By: Duane Blankenship | Category: Health & Fitness | Issue: July 2012
George Dudasko’s goal was to become physically able to resume duties as a Division II umpire. After two successful knee replacements by Dr. LaButti, George is back on the diamond.
George Dudasko always had a passion for baseball. As a young adult, he umpired little league games and then graduated up the ranks to become a Division II college baseball umpire. Because of pain in both knees and resulting physical limitations, George gave up umpiring 15 years ago.
In 2006, George began researching knee replacement surgery. He visited with several sports contacts and then read an article about knee replacement surgeries performed by Dr. Ronald S. LaButti. He made an appointment with the doctor in 2007. After evaluation,
Dr. LaButti recommended replacement surgery for both of George’s knees. His right knee was the worst, having been bone-on-bone for seven years. Dr. LaButti told George, “Let me know when the pain becomes unbearable and when you can make time for the surgery and recommended recovery period.”
George was born bowlegged, his right leg being the worse of the two. He loved sports and had participated in football, wrestling, and baseball since youth. “The knee pains became constant and more intense. It was sheer agony climbing stairs,” said George. “Even crossing a busy street, I had to carefully plan ahead, calculating the flow of traffic because my walking pace had become very slow and agonizing. I couldn’t even sit naturally because of the intense pain.”
As a project engineer and always on the go, George found it difficult planning a time convenient for surgery and rehabilitation. However, while in transit between job functions, George was able to schedule surgery with Dr. LaButti to replace his right knee in June of 2010. Dr. LaButti asked George what his goals and expectations were following surgery and without hesitation George responded, “To again be able to umpire at the Division II level.”
Surgery on George’s right knee went extremely well. He did home therapy for four weeks and outpatient therapy for another four weeks. At the first meeting with his assigned therapist, George was asked again what he expected to be doing after rehab. After relating his umpiring goal, his therapist did her homework by watching baseball games on TV to assess the physical requirements of umpires. She then custom tailored a rehabilitation program for George. “Therapy sessions were painful,” he said, “but at the conclusion of each one, I felt great seeing the progress I was making.” After only six weeks following surgery, George was released to go back to work.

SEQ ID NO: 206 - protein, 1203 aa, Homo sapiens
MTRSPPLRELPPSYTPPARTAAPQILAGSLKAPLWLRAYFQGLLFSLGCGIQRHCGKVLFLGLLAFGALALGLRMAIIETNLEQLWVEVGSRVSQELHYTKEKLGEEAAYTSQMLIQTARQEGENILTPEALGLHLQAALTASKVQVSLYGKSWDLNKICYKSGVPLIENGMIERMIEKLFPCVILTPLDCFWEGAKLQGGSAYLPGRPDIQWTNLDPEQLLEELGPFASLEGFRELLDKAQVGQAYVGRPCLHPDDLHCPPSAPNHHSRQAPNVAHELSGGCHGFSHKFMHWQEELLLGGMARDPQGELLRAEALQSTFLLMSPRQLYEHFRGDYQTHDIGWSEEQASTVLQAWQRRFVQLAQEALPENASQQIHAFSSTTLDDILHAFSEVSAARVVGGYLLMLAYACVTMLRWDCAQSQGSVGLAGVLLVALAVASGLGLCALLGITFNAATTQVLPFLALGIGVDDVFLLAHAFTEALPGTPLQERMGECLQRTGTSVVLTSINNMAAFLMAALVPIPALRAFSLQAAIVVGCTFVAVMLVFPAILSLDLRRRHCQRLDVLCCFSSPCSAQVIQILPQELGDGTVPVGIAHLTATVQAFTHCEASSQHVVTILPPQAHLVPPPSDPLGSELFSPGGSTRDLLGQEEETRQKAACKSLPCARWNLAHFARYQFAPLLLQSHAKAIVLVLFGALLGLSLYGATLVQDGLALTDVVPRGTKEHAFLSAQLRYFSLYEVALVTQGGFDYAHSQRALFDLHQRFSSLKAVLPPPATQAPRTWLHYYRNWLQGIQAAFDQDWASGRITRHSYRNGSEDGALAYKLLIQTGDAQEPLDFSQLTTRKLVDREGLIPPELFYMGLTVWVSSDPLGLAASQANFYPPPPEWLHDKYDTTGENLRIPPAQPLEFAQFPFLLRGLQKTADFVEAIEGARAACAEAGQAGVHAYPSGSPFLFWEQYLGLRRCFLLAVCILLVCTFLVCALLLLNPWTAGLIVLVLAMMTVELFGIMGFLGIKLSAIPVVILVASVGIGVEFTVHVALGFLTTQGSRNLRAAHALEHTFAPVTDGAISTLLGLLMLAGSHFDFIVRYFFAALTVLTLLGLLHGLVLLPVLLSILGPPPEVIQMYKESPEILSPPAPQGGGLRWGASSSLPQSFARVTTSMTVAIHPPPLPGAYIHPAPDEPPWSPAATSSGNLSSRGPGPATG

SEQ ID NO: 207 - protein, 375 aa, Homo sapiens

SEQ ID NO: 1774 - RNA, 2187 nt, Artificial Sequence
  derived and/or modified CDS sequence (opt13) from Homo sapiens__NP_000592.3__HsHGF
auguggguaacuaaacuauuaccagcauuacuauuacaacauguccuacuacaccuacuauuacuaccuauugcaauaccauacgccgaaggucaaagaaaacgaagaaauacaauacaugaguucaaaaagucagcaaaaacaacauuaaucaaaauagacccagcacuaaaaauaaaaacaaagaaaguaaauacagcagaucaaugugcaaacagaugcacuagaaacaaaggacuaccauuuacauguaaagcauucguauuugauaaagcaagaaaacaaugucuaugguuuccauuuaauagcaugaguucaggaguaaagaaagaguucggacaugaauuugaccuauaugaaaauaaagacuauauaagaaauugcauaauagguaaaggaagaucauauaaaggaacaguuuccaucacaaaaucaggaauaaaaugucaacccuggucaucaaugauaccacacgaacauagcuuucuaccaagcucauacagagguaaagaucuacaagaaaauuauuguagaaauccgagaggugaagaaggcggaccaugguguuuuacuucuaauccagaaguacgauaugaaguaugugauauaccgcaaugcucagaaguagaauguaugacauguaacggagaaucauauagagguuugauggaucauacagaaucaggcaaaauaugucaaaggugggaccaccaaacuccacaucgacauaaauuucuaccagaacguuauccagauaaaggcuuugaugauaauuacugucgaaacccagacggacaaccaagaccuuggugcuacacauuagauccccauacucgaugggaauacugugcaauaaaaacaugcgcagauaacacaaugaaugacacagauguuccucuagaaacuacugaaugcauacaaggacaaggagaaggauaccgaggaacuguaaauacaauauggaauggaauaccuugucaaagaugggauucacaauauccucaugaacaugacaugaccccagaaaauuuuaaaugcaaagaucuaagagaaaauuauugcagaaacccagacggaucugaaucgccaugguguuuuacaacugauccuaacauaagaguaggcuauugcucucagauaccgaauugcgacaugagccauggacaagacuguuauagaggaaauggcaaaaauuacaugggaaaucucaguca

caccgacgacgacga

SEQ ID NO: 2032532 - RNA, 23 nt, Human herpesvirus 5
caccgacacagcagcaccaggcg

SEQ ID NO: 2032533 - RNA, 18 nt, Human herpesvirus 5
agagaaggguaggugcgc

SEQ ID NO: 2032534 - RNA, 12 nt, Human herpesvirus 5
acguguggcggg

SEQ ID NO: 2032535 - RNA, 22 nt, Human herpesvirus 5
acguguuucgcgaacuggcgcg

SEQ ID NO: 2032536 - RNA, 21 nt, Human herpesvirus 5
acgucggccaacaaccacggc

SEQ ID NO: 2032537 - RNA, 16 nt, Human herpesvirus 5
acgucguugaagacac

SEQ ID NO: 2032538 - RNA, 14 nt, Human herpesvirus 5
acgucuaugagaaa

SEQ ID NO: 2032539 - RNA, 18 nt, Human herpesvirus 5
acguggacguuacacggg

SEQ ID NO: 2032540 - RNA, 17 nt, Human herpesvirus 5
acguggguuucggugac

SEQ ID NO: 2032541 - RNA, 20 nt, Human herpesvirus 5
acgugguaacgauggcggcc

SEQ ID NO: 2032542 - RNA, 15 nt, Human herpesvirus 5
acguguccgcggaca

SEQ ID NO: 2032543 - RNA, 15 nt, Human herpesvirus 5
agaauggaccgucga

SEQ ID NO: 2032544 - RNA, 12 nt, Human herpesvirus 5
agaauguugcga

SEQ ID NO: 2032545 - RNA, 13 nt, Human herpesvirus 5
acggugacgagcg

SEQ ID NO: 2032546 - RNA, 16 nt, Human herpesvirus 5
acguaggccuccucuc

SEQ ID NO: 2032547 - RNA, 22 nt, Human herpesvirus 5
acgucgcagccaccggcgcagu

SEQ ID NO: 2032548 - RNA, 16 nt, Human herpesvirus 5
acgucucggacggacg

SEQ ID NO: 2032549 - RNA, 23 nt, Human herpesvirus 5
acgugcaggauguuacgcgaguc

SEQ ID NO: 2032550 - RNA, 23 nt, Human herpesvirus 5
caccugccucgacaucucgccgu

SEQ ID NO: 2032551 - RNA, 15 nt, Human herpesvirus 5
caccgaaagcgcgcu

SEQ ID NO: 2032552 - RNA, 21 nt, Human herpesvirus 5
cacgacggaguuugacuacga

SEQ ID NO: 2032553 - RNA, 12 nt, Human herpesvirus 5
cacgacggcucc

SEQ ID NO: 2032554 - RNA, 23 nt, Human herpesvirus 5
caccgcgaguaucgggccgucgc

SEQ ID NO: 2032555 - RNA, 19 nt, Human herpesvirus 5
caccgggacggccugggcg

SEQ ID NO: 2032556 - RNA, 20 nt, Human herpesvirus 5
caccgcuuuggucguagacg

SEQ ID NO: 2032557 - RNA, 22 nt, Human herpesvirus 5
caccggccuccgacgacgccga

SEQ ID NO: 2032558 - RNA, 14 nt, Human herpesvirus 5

George had his second knee replacement surgery on his left knee in September, 2010. An interesting sidebar from his surgeries: Dr. LaButti straightened both legs during surgery. After the right leg was corrected, it was one-half inch longer than the left, and George was fitted with a lift for his left shoe. When the left knee was replaced, that leg was also straightened and made equal in length to the right leg. Having walked “duck footed” for most of his life, both of George’s feet now point forward and he is no longer bowlegged. He is also one-half inch taller than he has ever been in his life!
In less than six months after his second knee surgery, George was again umpiring Division II baseball. Last year, he umpired over 300 games in the Midwest and Florida. In March of this year, he headed back to Florida for two weeks of umpiring during college baseball spring training. To learn more about Dr. LaButti, visit www.hipandkneedoc.com.
For more information, contact
6585 S. Yale, Ste. 200Tulsa, OK 74136
Blankenship graduated from the University of Oklahoma and has enjoyed a lifetime career in advertising. He started his own advertising business in 1993 and enjoys creating graphic art and writing. Hobbies include hunting, fishing and pencil drawings. Duane and his wife, Janice, have been married over 50 years and are active in their church and community. He has been a contributing writer for Value News/Values Magazine since 2005.